Deadly Lassa fever outbreak in Nigeria grows to 213 cases

The World Health Organization (WHO) said late last week it is scaling up its response efforts in Nigeria after a Lassa fever outbreak affecting people in 16 states has grown to 213 confirmed cases, including 41 deaths.

All of the cases and deaths have been recorded since Jan 1. The WHO said of the outbreak, "This represents a significant increase in the number of cases reported compared to the same period in 2018." Nigerian officials reported the outbreak to the WHO on Jan 21.

In response, the WHO intensified its technical assistance to local and national authorities. Peter Clement, MD, MPH, the WHO officer in charge for Nigeria, said, "WHO reorganized its staff to provide assistance to each of the response pillars and directed field offices to assist in outbreak investigation, coordination and response activities at the state level."

"WHO is supporting coordination, enhanced surveillance, contact tracing, and risk communication. We are also mobilizing experts to support case management and detailed epidemiological analysis to monitor situation in the affected states."
Feb 1 WHO news release


WHO reports 339 cases in Jamaican dengue outbreak

Jamaican health officials have reported a rise in dengue cases to the WHO and have declared an outbreak, with 339 suspected and confirmed cases, including 6 deaths, reported from Jan 1 through Jan 21, the WHO said today in a statement.

Lab tests have identified dengue virus 3 (DENV3) as the circulating serotype.

For 2018, Jamaica's dengue cases were 4.5 times higher than the previous year, piling up 986 suspected and confirmed cases, 13 of them fatal. For the new year, cases reported have passed the epidemic threshold. Jamaica's last major outbreak occurred in 2016, registering more than 2,200 cases, in which DENV3 and DENV4 circulated.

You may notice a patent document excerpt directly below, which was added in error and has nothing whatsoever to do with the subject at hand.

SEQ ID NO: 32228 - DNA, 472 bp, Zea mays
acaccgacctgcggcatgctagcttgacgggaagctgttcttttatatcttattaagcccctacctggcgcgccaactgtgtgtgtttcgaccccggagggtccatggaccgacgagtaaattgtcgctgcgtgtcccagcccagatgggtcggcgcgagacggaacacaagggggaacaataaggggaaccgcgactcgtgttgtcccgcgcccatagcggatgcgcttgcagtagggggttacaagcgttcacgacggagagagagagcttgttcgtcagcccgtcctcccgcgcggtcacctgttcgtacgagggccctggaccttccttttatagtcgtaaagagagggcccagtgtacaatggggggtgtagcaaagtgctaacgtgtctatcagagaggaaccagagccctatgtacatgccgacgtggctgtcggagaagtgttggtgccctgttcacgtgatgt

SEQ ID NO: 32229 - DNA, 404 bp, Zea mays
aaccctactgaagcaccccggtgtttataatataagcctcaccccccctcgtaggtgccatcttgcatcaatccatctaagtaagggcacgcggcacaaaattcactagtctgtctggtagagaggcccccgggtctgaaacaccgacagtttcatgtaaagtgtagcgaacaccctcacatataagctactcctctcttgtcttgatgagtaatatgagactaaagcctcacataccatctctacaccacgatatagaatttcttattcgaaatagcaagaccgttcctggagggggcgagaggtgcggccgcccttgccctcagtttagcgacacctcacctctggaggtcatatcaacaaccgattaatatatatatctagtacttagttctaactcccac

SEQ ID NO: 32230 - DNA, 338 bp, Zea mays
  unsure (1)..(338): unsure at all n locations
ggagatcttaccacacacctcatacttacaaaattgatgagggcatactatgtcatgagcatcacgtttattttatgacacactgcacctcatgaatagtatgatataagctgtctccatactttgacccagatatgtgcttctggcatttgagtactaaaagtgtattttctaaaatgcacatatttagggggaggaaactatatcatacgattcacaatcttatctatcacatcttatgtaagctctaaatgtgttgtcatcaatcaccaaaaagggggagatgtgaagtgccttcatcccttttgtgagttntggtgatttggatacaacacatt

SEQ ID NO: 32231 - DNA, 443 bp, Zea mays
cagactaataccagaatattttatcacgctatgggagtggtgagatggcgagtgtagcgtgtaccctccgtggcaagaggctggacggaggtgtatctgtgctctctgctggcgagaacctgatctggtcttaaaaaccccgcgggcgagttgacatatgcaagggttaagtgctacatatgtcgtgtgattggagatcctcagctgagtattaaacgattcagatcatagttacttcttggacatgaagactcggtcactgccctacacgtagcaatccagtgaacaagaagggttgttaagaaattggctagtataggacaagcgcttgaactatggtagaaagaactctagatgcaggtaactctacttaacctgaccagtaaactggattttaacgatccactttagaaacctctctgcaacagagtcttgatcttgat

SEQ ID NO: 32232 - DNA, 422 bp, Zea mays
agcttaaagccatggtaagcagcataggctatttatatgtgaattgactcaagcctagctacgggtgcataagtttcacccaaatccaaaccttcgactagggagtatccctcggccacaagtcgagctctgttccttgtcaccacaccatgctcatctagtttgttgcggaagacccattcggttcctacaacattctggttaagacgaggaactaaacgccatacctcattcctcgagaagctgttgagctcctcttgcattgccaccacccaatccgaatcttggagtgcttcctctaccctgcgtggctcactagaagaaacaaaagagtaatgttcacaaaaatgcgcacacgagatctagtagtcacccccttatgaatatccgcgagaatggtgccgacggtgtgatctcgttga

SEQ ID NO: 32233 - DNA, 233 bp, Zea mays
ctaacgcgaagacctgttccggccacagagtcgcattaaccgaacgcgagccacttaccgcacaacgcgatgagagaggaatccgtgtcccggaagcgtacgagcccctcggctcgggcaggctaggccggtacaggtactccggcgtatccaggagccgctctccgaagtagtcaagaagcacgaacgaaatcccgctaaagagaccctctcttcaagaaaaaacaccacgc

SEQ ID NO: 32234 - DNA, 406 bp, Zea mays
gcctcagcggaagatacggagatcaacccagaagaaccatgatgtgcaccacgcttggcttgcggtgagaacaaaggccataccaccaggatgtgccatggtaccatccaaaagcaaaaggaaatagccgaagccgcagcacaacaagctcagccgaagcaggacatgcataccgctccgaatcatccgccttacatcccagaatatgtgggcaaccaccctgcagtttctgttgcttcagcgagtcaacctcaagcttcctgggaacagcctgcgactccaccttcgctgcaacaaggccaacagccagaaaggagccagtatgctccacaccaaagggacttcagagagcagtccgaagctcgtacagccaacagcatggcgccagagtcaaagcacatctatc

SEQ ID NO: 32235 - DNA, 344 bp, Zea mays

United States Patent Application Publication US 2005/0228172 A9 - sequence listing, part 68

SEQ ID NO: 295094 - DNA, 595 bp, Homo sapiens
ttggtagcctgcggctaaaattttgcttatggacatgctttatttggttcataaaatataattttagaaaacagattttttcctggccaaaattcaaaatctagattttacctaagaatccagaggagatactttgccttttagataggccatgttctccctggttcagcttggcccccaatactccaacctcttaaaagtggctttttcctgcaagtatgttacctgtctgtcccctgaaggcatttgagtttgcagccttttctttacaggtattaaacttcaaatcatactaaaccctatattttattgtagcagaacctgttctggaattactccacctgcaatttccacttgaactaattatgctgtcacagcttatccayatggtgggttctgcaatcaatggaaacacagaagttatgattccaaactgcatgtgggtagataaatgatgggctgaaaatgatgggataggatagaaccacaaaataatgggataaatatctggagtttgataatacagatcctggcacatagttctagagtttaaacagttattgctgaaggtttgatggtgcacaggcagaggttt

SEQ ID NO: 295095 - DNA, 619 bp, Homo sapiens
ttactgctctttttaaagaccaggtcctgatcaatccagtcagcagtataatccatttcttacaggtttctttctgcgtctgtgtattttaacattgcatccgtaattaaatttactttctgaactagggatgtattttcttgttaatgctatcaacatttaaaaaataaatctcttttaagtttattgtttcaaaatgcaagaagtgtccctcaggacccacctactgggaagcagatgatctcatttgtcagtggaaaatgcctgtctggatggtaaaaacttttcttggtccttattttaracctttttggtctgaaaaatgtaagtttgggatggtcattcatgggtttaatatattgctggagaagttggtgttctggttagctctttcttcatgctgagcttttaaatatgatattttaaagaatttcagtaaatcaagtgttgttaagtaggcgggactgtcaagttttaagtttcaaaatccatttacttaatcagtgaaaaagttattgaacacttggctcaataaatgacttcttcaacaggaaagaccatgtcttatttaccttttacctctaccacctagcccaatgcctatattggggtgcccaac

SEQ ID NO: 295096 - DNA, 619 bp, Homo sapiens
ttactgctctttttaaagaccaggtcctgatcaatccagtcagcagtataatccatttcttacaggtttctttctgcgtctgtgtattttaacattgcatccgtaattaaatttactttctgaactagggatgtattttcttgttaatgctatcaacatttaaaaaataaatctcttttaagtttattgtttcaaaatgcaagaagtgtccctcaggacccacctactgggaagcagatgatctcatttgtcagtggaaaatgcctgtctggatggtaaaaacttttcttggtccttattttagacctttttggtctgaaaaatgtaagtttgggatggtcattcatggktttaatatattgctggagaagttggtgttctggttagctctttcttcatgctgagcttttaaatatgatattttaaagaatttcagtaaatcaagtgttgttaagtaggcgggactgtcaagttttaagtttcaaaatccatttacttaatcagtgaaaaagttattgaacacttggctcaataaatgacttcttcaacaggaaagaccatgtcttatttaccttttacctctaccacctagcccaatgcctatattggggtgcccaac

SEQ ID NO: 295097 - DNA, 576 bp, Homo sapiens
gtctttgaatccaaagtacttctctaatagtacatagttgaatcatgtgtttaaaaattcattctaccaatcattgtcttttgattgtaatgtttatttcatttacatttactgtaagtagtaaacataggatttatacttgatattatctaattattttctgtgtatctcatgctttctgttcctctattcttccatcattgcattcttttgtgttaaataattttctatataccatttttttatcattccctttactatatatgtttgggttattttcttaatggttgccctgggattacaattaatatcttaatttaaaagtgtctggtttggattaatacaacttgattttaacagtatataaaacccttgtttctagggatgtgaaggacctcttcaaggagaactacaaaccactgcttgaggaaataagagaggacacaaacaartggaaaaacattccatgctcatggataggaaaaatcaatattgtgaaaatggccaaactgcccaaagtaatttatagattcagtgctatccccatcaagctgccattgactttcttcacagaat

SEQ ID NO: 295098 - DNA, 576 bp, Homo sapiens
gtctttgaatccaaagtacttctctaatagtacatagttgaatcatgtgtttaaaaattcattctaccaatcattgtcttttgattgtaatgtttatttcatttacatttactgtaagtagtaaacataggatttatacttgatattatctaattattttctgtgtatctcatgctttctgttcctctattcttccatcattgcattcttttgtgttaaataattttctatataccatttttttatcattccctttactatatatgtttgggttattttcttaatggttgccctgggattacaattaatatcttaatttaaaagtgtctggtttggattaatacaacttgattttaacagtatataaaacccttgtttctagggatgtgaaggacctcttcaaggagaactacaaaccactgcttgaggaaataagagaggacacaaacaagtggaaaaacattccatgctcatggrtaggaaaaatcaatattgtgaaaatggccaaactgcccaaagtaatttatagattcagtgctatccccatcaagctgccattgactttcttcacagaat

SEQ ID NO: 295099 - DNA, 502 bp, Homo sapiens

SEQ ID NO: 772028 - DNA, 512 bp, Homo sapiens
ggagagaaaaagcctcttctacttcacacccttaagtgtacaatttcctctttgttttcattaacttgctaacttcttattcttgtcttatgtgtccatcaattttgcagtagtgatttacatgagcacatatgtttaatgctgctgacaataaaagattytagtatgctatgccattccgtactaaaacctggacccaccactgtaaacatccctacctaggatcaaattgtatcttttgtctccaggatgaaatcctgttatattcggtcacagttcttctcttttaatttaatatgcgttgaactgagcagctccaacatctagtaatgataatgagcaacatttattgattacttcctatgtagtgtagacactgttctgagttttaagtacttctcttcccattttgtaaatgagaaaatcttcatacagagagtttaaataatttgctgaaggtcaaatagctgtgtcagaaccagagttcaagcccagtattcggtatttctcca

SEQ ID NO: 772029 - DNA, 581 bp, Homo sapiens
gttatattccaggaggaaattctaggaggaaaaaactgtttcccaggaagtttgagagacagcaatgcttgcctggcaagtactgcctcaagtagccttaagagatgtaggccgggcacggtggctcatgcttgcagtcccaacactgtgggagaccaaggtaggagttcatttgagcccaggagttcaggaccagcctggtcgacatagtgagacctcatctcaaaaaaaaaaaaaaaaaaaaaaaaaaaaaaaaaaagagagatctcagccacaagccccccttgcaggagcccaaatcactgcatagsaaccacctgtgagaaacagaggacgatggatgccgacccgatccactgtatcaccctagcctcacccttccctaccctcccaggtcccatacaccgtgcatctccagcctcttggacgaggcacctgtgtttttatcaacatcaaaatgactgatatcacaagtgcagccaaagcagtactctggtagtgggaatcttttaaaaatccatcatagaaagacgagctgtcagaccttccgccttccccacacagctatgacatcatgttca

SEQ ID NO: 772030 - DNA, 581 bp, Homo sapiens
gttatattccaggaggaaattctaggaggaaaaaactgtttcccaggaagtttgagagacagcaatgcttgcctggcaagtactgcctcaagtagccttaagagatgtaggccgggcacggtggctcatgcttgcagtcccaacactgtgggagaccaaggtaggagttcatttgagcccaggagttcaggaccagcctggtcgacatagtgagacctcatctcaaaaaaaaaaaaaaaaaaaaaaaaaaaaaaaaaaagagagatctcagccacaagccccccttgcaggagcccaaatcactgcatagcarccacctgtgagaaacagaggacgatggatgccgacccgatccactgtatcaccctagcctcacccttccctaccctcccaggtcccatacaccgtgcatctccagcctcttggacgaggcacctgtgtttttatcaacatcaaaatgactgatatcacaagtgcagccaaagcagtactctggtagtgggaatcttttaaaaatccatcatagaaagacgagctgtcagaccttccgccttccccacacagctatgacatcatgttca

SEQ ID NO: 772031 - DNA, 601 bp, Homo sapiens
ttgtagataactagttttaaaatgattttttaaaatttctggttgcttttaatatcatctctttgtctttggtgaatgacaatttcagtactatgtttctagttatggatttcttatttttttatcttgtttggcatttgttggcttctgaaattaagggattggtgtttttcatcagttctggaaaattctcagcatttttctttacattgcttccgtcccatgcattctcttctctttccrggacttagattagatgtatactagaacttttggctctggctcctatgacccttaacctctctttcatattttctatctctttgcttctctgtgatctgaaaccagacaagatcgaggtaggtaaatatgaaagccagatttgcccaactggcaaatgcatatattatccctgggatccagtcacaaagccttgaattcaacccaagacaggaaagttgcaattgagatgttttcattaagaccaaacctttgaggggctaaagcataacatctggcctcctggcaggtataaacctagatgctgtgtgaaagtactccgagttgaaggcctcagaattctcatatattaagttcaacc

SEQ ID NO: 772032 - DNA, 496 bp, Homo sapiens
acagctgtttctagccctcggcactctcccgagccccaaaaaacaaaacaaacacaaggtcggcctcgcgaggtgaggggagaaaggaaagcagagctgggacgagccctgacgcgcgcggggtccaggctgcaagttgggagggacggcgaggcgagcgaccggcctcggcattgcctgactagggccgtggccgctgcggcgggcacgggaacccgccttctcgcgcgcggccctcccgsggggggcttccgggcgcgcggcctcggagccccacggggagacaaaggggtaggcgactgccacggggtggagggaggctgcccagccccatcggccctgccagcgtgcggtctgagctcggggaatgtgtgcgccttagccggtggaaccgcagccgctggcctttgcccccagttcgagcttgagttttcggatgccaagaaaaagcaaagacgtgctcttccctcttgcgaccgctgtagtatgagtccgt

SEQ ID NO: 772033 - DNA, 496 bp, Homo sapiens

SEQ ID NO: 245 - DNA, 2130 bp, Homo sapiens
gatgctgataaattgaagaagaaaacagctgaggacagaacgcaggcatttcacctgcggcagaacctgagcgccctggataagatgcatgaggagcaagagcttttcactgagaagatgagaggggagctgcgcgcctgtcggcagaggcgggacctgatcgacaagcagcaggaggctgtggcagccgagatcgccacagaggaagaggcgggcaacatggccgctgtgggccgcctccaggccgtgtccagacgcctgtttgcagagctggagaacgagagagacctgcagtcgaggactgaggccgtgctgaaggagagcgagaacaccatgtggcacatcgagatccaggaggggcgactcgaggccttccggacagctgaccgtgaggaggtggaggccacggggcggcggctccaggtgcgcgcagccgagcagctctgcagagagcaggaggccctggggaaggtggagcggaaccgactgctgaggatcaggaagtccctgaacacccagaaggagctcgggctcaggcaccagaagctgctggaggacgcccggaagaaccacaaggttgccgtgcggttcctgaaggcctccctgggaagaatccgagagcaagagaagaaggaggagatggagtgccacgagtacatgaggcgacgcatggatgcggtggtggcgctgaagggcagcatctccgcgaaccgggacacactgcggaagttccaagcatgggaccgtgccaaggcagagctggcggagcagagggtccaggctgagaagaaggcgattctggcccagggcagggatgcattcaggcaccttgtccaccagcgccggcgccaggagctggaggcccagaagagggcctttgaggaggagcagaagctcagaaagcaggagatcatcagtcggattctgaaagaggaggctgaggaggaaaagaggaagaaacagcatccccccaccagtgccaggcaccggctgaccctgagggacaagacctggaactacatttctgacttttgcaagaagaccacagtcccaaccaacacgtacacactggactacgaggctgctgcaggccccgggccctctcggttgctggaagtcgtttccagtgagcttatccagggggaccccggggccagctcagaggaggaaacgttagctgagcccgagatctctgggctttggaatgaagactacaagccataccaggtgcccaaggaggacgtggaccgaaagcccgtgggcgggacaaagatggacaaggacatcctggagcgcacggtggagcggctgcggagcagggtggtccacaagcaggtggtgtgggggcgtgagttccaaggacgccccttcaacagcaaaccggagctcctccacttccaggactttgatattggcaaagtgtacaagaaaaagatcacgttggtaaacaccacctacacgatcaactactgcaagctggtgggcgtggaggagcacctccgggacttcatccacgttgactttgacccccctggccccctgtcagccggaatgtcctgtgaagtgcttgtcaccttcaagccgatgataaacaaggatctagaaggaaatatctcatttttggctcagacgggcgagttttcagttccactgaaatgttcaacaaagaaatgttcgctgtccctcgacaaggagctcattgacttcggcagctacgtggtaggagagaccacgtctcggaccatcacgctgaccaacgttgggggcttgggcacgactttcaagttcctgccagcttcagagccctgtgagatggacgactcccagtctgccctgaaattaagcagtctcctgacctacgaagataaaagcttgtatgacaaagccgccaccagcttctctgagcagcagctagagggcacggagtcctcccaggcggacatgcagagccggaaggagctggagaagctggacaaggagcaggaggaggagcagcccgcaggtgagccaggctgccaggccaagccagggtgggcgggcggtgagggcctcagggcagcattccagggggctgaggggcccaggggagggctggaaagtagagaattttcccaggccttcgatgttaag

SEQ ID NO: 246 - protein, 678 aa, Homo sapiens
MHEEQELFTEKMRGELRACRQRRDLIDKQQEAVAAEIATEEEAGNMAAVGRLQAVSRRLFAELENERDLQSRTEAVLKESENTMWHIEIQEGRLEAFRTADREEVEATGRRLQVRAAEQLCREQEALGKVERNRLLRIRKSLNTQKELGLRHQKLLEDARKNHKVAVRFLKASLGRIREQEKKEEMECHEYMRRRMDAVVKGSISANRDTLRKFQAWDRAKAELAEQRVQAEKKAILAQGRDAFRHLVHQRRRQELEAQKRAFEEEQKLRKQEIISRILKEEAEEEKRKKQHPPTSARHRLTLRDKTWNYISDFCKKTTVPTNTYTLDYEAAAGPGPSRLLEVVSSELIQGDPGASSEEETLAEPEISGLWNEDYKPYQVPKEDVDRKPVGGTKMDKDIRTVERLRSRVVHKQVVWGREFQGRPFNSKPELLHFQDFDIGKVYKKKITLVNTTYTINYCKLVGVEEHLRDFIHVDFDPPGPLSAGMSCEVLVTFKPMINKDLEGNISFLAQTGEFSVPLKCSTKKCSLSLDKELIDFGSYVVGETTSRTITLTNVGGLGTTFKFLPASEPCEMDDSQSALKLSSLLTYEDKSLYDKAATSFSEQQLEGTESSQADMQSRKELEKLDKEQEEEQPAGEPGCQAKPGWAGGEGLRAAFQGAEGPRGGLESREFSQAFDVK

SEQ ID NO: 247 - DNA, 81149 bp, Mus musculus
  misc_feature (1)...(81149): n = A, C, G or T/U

Toward the end of 2018, the hot spots were Kingston and Saint Andrew parishes, and in 2019, the largest number of cases have been reported from Saint Catherine parish, the WHO said.

Other countries and territories in the Caribbean region are also reporting dengue increases, including Guadeloupe, Martinique, and St. Martin. However, the circulating serotype in St. Martin and Guadeloupe is DENV1.
Feb 4 WHO statement


H9N2 avian flu infects boy from China's Hunan province

China has reported a human H9N2 avian flu case involving a 2-year-old boy from Hunan province in the south central part of the country, according to a report yesterday from the Taiwan Centers for Disease Control translated and posted by Avian Flu Diary, an infectious disease news blog.

The boy is from Changde City and the report said on Dec 27 his illness symptoms were mild and he had a history of exposure to live poultry. The boy's infection raises China's number of H9N2 cases in 2018 to seven. H9N2 cases are typically mild and often reported in children.

H9N2 is enzootic in China's poultry, and exposure to live poultry is a known risk factor for contracting the virus. According to the WHO, no case clusters have been reported and current evidence suggests H9N2 hasn't acquired the ability for sustained transmission.
Feb 3 AFD post